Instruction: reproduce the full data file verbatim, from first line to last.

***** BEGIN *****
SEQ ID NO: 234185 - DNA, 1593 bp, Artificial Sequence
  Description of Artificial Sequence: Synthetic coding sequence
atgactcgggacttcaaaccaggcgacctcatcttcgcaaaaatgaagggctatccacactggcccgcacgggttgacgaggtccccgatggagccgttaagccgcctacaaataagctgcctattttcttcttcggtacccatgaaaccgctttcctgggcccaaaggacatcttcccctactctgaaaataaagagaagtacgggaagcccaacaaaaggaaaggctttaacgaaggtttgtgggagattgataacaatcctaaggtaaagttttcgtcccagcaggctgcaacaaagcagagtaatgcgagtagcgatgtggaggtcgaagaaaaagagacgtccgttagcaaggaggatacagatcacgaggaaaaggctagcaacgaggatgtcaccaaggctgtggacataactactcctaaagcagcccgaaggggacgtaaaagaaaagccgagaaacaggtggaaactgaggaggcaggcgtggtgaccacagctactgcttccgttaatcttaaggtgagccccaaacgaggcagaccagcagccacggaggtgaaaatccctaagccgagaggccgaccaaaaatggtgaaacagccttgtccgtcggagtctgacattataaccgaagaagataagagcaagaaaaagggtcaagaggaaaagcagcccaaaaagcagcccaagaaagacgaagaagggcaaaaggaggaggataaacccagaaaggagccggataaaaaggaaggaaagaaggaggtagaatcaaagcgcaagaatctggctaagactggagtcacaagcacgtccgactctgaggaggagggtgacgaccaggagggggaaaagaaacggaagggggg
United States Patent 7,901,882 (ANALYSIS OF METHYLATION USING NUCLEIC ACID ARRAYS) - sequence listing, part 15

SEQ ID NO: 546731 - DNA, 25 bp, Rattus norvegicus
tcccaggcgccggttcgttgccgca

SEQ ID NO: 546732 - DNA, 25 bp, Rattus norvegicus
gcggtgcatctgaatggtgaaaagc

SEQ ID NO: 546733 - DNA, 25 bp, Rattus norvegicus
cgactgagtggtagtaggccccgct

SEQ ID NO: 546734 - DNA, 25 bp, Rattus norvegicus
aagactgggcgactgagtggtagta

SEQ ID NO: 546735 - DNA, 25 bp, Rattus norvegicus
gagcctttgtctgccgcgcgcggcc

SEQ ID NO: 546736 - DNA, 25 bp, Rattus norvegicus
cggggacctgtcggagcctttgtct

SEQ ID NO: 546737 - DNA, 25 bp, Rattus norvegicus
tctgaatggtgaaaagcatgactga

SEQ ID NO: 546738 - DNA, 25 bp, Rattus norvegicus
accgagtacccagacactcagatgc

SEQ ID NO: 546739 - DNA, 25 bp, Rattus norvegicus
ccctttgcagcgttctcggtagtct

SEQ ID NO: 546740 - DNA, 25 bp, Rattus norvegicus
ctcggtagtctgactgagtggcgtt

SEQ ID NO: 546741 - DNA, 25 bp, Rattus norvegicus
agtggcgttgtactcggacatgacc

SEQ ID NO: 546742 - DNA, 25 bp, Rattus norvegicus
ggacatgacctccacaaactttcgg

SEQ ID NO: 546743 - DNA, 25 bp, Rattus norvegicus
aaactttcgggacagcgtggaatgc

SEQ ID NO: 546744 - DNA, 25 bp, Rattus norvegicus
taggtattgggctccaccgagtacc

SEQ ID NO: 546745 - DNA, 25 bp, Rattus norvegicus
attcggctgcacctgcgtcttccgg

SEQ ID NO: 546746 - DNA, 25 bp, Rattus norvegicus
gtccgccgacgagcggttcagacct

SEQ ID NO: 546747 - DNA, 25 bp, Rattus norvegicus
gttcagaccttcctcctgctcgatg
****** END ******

SEQ ID NO: 234185 - DNA, 1593 bp, Artificial Sequence
  Description of Artificial Sequence: Synthetic coding sequence
atgactcgggacttcaaaccaggcgacctcatcttcgcaaaaatgaagggctatccacactggcccgcacgggttgacgaggtccccgatggagccgttaagccgcctacaaataagctgcctattttcttcttcggtacccatgaaaccgctttcctgggcccaaaggacatcttcccctactctgaaaataaagagaagtacgggaagcccaacaaaaggaaaggctttaacgaaggtttgtgggagattgataacaatcctaaggtaaagttttcgtcccagcaggctgcaacaaagcagagtaatgcgagtagcgatgtggaggtcgaagaaaaagagacgtccgttagcaaggaggatacagatcacgaggaaaaggctagcaacgaggatgtcaccaaggctgtggacataactactcctaaagcagcccgaaggggacgtaaaagaaaagccgagaaacaggtggaaactgaggaggcaggcgtggtgaccacagctactgcttccgttaatcttaaggtgagccccaaacgaggcagaccagcagccacggaggtgaaaatccctaagccgagaggccgaccaaaaatggtgaaacagccttgtccgtcggagtctgacattataaccgaagaagataagagcaagaaaaagggtcaagaggaaaagcagcccaaaaagcagcccaagaaagacgaagaagggcaaaaggaggaggataaacccagaaaggagccggataaaaaggaaggaaagaaggaggtagaatcaaagcgcaagaatctggctaagactggagtcacaagcacgtccgactctgaggaggagggtgacgaccaggagggggaaaagaaacggaagggggg
United States Patent 7,901,882 (ANALYSIS OF METHYLATION USING NUCLEIC ACID ARRAYS) - sequence listing, part 15

SEQ ID NO: 546731 - DNA, 25 bp, Rattus norvegicus
tcccaggcgccggttcgttgccgca

SEQ ID NO: 546732 - DNA, 25 bp, Rattus norvegicus
gcggtgcatctgaatggtgaaaagc

SEQ ID NO: 546733 - DNA, 25 bp, Rattus norvegicus
cgactgagtggtagtaggccccgct

SEQ ID NO: 546734 - DNA, 25 bp, Rattus norvegicus
aagactgggcgactgagtggtagta

SEQ ID NO: 546735 - DNA, 25 bp, Rattus norvegicus
gagcctttgtctgccgcgcgcggcc

SEQ ID NO: 546736 - DNA, 25 bp, Rattus norvegicus
cggggacctgtcggagcctttgtct

SEQ ID NO: 546737 - DNA, 25 bp, Rattus norvegicus
tctgaatggtgaaaagcatgactga

SEQ ID NO: 546738 - DNA, 25 bp, Rattus norvegicus
accgagtacccagacactcagatgc

SEQ ID NO: 546739 - DNA, 25 bp, Rattus norvegicus
ccctttgcagcgttctcggtagtct

SEQ ID NO: 546740 - DNA, 25 bp, Rattus norvegicus
ctcggtagtctgactgagtggcgtt

SEQ ID NO: 546741 - DNA, 25 bp, Rattus norvegicus
agtggcgttgtactcggacatgacc

SEQ ID NO: 546742 - DNA, 25 bp, Rattus norvegicus
ggacatgacctccacaaactttcgg

SEQ ID NO: 546743 - DNA, 25 bp, Rattus norvegicus
aaactttcgggacagcgtggaatgc

SEQ ID NO: 546744 - DNA, 25 bp, Rattus norvegicus
taggtattgggctccaccgagtacc

SEQ ID NO: 546745 - DNA, 25 bp, Rattus norvegicus
attcggctgcacctgcgtcttccgg

SEQ ID NO: 546746 - DNA, 25 bp, Rattus norvegicus
gtccgccgacgagcggttcagacct

SEQ ID NO: 546747 - DNA, 25 bp, Rattus norvegicus
gttcagaccttcctcctgctcgatg